B2B Marketing (Unit 2)

 

CREATING VALUE FOR BUSINESS CUSTOMERS

 

The Purpose of Strategy: Value and Value Creation.

The purpose of marketing exchanges is to create value for all parties to the exchange.

Consumer surplus: amount that the buyer would be prepared to pay over and above the selling price.

Producer surplus: the difference between the actual price and the minimum price that the seller would have been prepared to accept.

It is a particular characteristic of business-to-business exchanges that the process of value creation can become complex, involving several parties and multiple interconnected exchanges. Uncertainties can arise from factors internal to a project/business as well as external. For that reason, paying explicit attention to the value created through exchange processes is often a matter of particular concern to business marketers.

Customer value: give-get definition

Zeithaml (1998) proposed this definition of customer perceived value: ‘Perceived value is the consumer’s overall assessment of the utility of a product based on perceptions of what is received and what is given … value represents a tradeoff of the salient give and get components’. Both the give and get components included a range of attributes, in particular, the give components include monetary and non-monetary elements.

She found that customers thought of value in four ways:

  1. Value is low price.
  2. Value is whatever I want in a product.
  3. Value is the quality I get for the price I pay.
  4. Value I what I get for what I give.

Customer value: means-end chain definition

Woodruff (1997) identified a number of common aspects in the definition of customer value:

  • It is linked to product use.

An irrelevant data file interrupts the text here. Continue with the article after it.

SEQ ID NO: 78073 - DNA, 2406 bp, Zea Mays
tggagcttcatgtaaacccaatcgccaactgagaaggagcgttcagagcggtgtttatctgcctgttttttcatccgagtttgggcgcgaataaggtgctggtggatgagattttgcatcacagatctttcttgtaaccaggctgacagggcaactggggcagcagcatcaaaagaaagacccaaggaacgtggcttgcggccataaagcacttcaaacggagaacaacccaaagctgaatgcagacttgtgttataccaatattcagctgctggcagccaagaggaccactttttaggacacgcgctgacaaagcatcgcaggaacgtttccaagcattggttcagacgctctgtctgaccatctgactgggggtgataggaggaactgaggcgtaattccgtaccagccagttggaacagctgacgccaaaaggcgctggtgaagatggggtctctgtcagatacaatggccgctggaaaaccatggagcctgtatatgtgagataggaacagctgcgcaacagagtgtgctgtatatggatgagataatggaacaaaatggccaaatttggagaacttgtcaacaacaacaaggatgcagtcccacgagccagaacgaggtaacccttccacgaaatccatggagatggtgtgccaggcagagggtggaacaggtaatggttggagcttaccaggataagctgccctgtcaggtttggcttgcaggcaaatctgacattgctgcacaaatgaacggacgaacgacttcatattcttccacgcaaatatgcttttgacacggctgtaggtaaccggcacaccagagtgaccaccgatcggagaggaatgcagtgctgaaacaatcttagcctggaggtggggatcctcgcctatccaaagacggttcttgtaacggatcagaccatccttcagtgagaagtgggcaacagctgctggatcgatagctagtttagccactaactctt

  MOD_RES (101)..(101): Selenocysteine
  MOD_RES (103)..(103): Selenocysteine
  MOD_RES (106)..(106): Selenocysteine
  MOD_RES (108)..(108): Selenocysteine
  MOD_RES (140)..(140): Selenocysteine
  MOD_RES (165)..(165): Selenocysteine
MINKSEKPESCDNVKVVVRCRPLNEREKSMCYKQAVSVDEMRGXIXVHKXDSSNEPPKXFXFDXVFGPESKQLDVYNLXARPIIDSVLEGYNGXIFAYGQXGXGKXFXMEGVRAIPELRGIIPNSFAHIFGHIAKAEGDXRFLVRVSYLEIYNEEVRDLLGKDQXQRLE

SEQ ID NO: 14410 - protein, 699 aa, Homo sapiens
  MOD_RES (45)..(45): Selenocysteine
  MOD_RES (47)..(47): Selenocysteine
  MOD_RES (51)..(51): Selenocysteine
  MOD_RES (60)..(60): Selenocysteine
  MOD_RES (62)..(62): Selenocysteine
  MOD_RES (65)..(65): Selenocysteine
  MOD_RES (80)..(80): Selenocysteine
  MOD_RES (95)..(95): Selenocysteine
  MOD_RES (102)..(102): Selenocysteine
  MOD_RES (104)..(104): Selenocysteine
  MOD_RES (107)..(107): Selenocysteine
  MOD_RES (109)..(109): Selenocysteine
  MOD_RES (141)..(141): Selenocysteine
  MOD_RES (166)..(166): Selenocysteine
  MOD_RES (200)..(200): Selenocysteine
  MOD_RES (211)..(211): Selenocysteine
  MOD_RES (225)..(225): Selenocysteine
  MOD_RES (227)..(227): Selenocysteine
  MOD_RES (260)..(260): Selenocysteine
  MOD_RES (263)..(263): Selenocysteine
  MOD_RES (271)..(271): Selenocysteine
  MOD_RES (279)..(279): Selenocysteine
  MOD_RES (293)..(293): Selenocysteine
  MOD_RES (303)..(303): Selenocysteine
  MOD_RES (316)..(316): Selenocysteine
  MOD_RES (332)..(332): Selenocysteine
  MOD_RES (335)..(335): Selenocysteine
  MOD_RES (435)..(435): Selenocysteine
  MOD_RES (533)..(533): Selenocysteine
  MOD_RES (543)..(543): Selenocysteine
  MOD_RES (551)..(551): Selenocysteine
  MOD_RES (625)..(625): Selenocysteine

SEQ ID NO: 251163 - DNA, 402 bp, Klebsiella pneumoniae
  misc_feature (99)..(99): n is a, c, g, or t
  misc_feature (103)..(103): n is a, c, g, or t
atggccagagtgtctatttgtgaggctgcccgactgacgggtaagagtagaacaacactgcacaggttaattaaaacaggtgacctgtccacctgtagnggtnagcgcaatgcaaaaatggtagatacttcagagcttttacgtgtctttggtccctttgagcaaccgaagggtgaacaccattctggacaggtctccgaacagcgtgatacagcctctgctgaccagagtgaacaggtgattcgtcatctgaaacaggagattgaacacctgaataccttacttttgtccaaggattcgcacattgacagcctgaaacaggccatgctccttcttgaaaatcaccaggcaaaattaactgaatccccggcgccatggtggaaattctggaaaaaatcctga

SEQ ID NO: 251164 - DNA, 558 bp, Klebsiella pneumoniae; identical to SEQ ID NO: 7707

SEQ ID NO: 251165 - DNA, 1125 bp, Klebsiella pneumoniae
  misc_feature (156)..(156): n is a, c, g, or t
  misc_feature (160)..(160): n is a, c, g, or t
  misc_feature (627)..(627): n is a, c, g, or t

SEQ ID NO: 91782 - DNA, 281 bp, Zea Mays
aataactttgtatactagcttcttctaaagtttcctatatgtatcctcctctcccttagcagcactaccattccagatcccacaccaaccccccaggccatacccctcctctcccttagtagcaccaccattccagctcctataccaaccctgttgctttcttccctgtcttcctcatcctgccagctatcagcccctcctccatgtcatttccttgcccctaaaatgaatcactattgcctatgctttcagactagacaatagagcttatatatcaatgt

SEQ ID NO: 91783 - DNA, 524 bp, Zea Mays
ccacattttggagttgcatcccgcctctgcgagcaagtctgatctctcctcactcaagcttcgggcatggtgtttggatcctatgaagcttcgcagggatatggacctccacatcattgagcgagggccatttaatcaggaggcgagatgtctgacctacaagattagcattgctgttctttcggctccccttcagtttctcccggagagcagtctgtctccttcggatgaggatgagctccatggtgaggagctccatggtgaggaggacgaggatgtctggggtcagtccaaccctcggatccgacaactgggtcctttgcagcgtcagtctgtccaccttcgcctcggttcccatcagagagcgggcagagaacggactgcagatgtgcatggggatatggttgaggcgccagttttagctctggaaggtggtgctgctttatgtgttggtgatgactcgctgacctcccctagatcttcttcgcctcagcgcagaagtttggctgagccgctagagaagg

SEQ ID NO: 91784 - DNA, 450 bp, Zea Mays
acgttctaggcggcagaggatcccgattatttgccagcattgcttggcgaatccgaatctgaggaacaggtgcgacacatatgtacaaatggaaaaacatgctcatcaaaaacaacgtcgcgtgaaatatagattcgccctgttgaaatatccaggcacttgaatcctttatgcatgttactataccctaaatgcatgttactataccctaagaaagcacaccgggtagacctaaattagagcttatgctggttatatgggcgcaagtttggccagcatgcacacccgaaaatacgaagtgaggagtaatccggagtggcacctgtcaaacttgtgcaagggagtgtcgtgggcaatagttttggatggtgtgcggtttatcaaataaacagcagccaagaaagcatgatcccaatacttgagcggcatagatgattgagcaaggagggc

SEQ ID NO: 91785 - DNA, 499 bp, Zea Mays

• It is a customer perception rather than an objective phenomenon.
  • It involve a tradeoff between what the customer receives and what the customer gives up.

However, he argued that customer value should be conceptualized as a means-end chain, with desired product attributes leading to the achievement of desired consequences in use situations and then to the fulfillment of customer goals and purposes. His approach suggest a longer-term perspective, in which the customer has the opportunity to evaluate the performance of the product and its impact of lifestyle. The distinction between the mean-end chain (Woodruff) and the give get (Zeithalm) approach is perhaps one of timescale!

Conclusion of give-get vs. means-end chain

  • Means-end chain definition of value seems more suited to high-involvement purchases.
  • Give-get definition of value seems more suited to low-involvement purchases.

Perceived customer value for an Organization

An unresolved issue in the conceptualization of value is the nature of value for an organization.

When an exchange decision affect more than one person, how can we define perceived or subjective value for the organization?

Some solutions:

  1. One solution is to assert that a superordinate organizational goal is the only relevant decision criterion, for example shareholder value.
  2. Walter et al. (2001) proposed that value rests in the perceptions of key decision-makers in the organization, which is clearly NOT a solution.
  3. Blois (2003) focused on customer and supplier value in business-to-business (B2B) markets but did NOT explain how the aggregate benefits and sacrifices to the organizations involved in the exchange are calculated from the benefits and sacrifices incurred by different stakeholders.
  4. Woodruff and Gardial (1996-70) discussed the issue in the following terms: The desired end states of buying organizations might include longevity, a sense of unity or community, customer responsiveness, quality, or shareholder wealth. However:
  • Organizations are abstractions and do not have desired end states.
  • Customer responsiveness and quality are not desired end states at all.

Customer lifetime value

A straightforward use of the term ‘customer value’ is found in the context of relationship marketing strategies. Such strategies are built upon the creation of customer loyalty and, consequently, the reduction of customer defections and the retention of customer business.

It is immediately clear that ‘lifetime customer value’ is quite different from the ‘customer-perceived value’. The concept of lifetime customer values measures value to the supplier, not value to the customer. Meaning that the concept of lifetime customer value is an expression of supplier value, not of customer value.

 

 
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